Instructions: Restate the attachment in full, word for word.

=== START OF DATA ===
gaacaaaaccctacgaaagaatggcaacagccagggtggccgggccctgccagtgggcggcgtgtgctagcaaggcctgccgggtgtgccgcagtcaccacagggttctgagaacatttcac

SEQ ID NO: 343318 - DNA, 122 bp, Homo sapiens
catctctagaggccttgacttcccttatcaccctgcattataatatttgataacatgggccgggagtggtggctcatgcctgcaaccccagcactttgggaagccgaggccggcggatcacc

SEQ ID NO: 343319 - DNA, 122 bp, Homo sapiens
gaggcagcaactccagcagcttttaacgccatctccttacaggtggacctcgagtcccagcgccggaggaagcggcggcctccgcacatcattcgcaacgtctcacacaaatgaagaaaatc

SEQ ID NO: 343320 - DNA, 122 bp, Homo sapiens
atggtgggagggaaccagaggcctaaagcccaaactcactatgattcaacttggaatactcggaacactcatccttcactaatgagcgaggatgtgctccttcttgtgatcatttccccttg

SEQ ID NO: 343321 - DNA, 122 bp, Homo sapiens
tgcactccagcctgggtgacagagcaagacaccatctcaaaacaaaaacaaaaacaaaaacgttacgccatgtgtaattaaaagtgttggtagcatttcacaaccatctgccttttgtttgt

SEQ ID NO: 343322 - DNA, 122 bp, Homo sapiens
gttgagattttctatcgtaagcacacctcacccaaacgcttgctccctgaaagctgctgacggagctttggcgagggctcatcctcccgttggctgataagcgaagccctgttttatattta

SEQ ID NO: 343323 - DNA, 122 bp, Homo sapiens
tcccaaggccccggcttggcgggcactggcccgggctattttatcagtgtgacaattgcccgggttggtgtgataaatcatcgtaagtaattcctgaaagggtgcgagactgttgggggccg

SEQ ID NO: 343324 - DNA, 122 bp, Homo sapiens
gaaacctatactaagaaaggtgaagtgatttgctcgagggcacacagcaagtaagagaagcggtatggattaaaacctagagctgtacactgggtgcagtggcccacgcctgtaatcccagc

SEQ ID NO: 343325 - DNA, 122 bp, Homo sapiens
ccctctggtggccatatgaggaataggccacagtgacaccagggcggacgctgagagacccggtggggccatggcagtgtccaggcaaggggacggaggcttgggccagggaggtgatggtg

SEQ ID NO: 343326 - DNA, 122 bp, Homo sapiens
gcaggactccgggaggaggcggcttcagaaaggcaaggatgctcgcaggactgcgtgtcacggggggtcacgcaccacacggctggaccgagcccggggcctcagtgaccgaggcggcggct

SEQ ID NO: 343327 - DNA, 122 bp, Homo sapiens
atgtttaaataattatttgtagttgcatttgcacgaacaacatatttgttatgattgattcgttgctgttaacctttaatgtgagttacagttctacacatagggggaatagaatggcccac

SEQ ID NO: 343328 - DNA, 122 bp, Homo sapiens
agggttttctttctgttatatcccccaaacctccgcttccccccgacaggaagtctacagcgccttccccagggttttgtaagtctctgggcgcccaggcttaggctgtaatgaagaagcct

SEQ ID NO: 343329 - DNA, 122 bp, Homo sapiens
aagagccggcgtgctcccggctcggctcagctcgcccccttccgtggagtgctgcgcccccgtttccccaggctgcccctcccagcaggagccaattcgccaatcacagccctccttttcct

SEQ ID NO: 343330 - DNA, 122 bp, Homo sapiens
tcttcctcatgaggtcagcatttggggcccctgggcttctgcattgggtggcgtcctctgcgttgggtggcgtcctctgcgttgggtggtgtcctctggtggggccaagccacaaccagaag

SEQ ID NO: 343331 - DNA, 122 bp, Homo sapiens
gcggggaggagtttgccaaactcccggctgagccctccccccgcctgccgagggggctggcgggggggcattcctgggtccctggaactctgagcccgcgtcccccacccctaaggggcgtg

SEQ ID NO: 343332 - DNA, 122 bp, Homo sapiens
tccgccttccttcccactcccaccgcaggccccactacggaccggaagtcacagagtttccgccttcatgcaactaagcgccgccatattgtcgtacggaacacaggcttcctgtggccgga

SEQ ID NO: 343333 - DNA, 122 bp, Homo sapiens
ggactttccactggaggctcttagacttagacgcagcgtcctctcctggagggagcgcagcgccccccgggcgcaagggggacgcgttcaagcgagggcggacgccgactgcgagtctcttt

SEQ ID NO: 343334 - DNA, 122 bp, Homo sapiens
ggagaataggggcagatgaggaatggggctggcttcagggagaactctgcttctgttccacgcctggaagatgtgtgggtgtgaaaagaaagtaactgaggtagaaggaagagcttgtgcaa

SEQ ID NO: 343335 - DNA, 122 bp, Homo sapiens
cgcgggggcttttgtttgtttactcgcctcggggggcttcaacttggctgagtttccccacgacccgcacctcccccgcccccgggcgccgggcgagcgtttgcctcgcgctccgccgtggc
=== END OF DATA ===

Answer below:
gaacaaaaccctacgaaagaatggcaacagccagggtggccgggccctgccagtgggcggcgtgtgctagcaaggcctgccgggtgtgccgcagtcaccacagggttctgagaacatttcac

SEQ ID NO: 343318 - DNA, 122 bp, Homo sapiens
catctctagaggccttgacttcccttatcaccctgcattataatatttgataacatgggccgggagtggtggctcatgcctgcaaccccagcactttgggaagccgaggccggcggatcacc

SEQ ID NO: 343319 - DNA, 122 bp, Homo sapiens
gaggcagcaactccagcagcttttaacgccatctccttacaggtggacctcgagtcccagcgccggaggaagcggcggcctccgcacatcattcgcaacgtctcacacaaatgaagaaaatc

SEQ ID NO: 343320 - DNA, 122 bp, Homo sapiens
atggtgggagggaaccagaggcctaaagcccaaactcactatgattcaacttggaatactcggaacactcatccttcactaatgagcgaggatgtgctccttcttgtgatcatttccccttg

SEQ ID NO: 343321 - DNA, 122 bp, Homo sapiens
tgcactccagcctgggtgacagagcaagacaccatctcaaaacaaaaacaaaaacaaaaacgttacgccatgtgtaattaaaagtgttggtagcatttcacaaccatctgccttttgtttgt

SEQ ID NO: 343322 - DNA, 122 bp, Homo sapiens
gttgagattttctatcgtaagcacacctcacccaaacgcttgctccctgaaagctgctgacggagctttggcgagggctcatcctcccgttggctgataagcgaagccctgttttatattta

SEQ ID NO: 343323 - DNA, 122 bp, Homo sapiens
tcccaaggccccggcttggcgggcactggcccgggctattttatcagtgtgacaattgcccgggttggtgtgataaatcatcgtaagtaattcctgaaagggtgcgagactgttgggggccg

SEQ ID NO: 343324 - DNA, 122 bp, Homo sapiens
gaaacctatactaagaaaggtgaagtgatttgctcgagggcacacagcaagtaagagaagcggtatggattaaaacctagagctgtacactgggtgcagtggcccacgcctgtaatcccagc

SEQ ID NO: 343325 - DNA, 122 bp, Homo sapiens
ccctctggtggccatatgaggaataggccacagtgacaccagggcggacgctgagagacccggtggggccatggcagtgtccaggcaaggggacggaggcttgggccagggaggtgatggtg

SEQ ID NO: 343326 - DNA, 122 bp, Homo sapiens
gcaggactccgggaggaggcggcttcagaaaggcaaggatgctcgcaggactgcgtgtcacggggggtcacgcaccacacggctggaccgagcccggggcctcagtgaccgaggcggcggct

SEQ ID NO: 343327 - DNA, 122 bp, Homo sapiens
atgtttaaataattatttgtagttgcatttgcacgaacaacatatttgttatgattgattcgttgctgttaacctttaatgtgagttacagttctacacatagggggaatagaatggcccac

SEQ ID NO: 343328 - DNA, 122 bp, Homo sapiens
agggttttctttctgttatatcccccaaacctccgcttccccccgacaggaagtctacagcgccttccccagggttttgtaagtctctgggcgcccaggcttaggctgtaatgaagaagcct

SEQ ID NO: 343329 - DNA, 122 bp, Homo sapiens
aagagccggcgtgctcccggctcggctcagctcgcccccttccgtggagtgctgcgcccccgtttccccaggctgcccctcccagcaggagccaattcgccaatcacagccctccttttcct

SEQ ID NO: 343330 - DNA, 122 bp, Homo sapiens
tcttcctcatgaggtcagcatttggggcccctgggcttctgcattgggtggcgtcctctgcgttgggtggcgtcctctgcgttgggtggtgtcctctggtggggccaagccacaaccagaag

SEQ ID NO: 343331 - DNA, 122 bp, Homo sapiens
gcggggaggagtttgccaaactcccggctgagccctccccccgcctgccgagggggctggcgggggggcattcctgggtccctggaactctgagcccgcgtcccccacccctaaggggcgtg

SEQ ID NO: 343332 - DNA, 122 bp, Homo sapiens
tccgccttccttcccactcccaccgcaggccccactacggaccggaagtcacagagtttccgccttcatgcaactaagcgccgccatattgtcgtacggaacacaggcttcctgtggccgga

SEQ ID NO: 343333 - DNA, 122 bp, Homo sapiens
ggactttccactggaggctcttagacttagacgcagcgtcctctcctggagggagcgcagcgccccccgggcgcaagggggacgcgttcaagcgagggcggacgccgactgcgagtctcttt

SEQ ID NO: 343334 - DNA, 122 bp, Homo sapiens
ggagaataggggcagatgaggaatggggctggcttcagggagaactctgcttctgttccacgcctggaagatgtgtgggtgtgaaaagaaagtaactgaggtagaaggaagagcttgtgcaa

SEQ ID NO: 343335 - DNA, 122 bp, Homo sapiens
cgcgggggcttttgtttgtttactcgcctcggggggcttcaacttggctgagtttccccacgacccgcacctcccccgcccccgggcgccgggcgagcgtttgcctcgcgctccgccgtggc